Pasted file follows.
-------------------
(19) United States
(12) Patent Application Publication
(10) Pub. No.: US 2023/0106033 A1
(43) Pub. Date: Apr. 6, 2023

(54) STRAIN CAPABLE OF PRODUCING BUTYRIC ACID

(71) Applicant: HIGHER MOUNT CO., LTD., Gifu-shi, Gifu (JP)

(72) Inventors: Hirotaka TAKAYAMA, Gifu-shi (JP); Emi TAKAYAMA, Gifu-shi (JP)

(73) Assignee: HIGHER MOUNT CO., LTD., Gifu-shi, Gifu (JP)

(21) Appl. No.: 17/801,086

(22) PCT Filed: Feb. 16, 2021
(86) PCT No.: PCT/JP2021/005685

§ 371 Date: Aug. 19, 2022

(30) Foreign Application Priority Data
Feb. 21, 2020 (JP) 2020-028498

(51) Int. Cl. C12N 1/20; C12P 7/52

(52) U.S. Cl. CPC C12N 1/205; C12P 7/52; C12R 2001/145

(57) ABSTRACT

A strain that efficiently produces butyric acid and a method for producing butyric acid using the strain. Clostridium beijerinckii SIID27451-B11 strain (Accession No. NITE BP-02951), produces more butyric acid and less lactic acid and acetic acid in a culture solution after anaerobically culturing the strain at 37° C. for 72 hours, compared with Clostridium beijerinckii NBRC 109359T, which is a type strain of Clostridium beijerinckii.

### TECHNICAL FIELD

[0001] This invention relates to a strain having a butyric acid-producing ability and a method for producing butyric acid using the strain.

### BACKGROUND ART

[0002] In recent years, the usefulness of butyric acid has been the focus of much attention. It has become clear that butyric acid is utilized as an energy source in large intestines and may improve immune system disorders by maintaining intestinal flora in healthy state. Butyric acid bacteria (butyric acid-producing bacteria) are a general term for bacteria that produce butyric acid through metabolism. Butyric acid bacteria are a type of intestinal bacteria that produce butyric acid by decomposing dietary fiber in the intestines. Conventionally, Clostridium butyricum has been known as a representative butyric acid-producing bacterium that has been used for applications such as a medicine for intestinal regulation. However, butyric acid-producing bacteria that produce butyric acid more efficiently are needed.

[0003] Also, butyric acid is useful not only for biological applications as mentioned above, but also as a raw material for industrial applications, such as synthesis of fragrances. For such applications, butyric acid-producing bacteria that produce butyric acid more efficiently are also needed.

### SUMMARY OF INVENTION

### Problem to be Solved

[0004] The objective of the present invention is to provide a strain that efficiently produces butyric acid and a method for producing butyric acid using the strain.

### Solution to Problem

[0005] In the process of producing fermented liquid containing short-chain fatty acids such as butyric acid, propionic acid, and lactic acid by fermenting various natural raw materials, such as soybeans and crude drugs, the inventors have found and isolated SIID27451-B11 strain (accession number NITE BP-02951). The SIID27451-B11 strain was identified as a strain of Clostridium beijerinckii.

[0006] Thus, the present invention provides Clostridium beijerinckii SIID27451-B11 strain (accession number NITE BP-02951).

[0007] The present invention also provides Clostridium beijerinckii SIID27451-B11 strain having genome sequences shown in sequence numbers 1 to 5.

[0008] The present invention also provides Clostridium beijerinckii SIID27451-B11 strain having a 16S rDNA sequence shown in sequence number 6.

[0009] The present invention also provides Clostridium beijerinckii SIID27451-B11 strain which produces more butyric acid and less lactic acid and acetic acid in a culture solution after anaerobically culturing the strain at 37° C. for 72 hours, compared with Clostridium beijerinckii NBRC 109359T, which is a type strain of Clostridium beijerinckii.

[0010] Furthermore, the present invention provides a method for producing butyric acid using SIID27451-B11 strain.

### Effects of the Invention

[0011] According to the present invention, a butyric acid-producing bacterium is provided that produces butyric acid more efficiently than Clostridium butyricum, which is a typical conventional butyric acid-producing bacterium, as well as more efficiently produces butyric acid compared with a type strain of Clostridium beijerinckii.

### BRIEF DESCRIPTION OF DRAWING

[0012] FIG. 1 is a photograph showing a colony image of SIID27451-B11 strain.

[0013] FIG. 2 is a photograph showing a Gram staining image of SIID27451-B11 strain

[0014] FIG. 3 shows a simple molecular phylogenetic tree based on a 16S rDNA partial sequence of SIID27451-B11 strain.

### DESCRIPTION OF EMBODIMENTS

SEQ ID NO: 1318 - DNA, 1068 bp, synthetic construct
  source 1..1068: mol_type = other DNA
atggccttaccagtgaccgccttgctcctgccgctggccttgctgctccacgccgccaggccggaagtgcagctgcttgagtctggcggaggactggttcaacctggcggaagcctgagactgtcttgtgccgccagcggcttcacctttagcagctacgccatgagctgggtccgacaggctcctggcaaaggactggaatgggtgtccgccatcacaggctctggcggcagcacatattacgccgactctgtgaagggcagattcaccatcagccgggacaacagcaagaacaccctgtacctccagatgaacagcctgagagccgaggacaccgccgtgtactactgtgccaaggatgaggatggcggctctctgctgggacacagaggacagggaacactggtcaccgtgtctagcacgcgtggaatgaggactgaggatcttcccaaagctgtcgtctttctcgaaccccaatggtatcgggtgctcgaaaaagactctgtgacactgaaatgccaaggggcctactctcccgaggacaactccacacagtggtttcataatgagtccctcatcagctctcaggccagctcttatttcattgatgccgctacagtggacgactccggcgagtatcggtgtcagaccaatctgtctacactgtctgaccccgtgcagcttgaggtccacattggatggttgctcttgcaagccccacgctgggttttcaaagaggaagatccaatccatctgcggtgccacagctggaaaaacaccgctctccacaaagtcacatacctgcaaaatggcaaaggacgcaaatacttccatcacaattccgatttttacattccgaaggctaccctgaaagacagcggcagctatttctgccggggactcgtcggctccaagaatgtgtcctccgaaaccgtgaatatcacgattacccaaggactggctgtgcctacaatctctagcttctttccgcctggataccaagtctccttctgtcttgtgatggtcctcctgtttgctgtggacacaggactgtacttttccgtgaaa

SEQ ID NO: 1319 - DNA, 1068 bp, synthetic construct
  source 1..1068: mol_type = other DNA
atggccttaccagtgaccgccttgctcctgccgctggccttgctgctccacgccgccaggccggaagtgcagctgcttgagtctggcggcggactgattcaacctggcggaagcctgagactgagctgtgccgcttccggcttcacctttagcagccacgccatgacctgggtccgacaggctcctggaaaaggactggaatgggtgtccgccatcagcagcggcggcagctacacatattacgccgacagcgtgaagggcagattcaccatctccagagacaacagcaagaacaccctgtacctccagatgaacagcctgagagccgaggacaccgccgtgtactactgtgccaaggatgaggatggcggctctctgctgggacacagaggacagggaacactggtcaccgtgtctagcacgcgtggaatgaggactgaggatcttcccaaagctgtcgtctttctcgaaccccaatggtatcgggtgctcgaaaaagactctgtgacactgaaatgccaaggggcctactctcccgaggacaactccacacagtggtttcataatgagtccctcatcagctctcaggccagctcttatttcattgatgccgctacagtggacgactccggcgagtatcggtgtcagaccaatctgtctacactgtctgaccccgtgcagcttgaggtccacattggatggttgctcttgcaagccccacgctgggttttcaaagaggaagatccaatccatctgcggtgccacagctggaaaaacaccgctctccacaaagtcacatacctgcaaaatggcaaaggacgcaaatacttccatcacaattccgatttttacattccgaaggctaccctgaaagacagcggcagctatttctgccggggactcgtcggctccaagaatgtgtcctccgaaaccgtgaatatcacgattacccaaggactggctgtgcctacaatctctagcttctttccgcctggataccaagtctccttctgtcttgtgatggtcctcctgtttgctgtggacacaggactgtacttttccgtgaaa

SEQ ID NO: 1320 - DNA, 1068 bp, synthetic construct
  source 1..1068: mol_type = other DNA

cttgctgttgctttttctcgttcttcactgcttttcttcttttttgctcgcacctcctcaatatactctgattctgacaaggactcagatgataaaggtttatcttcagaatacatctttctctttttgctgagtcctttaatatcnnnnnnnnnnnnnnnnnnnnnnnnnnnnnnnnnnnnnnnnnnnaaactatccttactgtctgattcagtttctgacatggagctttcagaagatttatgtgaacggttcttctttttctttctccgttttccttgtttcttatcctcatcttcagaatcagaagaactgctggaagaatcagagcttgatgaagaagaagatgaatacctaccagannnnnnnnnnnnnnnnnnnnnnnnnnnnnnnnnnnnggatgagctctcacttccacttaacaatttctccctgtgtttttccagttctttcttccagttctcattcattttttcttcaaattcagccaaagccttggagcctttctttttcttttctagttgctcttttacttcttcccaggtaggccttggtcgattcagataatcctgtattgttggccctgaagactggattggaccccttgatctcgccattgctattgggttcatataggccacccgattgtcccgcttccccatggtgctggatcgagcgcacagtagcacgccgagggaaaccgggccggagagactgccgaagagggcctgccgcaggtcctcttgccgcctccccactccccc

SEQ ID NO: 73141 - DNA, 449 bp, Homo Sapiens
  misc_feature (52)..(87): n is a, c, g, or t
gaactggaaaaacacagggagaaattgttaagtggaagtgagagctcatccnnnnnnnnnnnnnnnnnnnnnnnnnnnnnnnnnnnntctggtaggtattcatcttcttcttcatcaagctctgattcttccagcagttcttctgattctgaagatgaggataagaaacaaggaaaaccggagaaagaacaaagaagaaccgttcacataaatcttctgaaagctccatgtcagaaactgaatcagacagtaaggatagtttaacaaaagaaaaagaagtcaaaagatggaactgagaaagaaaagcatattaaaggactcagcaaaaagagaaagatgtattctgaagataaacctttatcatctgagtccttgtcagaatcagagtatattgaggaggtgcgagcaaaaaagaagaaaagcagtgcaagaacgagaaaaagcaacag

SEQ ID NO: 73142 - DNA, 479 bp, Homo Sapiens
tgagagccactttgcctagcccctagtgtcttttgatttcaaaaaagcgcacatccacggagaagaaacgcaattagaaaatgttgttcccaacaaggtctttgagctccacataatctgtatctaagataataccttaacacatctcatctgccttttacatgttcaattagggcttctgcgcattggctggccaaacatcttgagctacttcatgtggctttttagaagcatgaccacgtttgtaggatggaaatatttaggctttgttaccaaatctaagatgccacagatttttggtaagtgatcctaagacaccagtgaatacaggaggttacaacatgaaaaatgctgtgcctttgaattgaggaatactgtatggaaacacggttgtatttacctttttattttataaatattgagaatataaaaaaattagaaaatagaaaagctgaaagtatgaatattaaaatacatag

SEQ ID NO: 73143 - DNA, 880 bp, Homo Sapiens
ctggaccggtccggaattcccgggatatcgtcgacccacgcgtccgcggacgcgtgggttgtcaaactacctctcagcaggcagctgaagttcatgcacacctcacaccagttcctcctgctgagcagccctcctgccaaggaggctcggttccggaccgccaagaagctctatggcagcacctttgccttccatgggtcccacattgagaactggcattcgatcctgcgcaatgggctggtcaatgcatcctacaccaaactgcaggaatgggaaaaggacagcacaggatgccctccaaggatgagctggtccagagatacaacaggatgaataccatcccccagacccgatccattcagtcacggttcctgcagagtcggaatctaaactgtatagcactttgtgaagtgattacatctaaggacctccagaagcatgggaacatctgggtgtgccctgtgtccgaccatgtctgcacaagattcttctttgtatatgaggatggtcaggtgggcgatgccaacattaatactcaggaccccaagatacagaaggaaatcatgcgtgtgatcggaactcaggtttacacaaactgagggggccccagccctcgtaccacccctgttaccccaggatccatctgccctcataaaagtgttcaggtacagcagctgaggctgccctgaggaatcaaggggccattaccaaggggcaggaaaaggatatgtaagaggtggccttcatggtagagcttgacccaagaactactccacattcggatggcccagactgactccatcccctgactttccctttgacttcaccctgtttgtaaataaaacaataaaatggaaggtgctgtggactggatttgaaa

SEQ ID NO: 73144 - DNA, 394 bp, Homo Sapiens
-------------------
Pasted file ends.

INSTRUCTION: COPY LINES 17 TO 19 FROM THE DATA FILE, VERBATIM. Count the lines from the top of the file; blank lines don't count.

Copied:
(57) ABSTRACT

A strain that efficiently produces butyric acid and a method for producing butyric acid using the strain. Clostridium beijerinckii SIID27451-B11 strain (Accession No. NITE BP-02951), produces more butyric acid and less lactic acid and acetic acid in a culture solution after anaerobically culturing the strain at 37° C. for 72 hours, compared with Clostridium beijerinckii NBRC 109359T, which is a type strain of Clostridium beijerinckii.

### TECHNICAL FIELD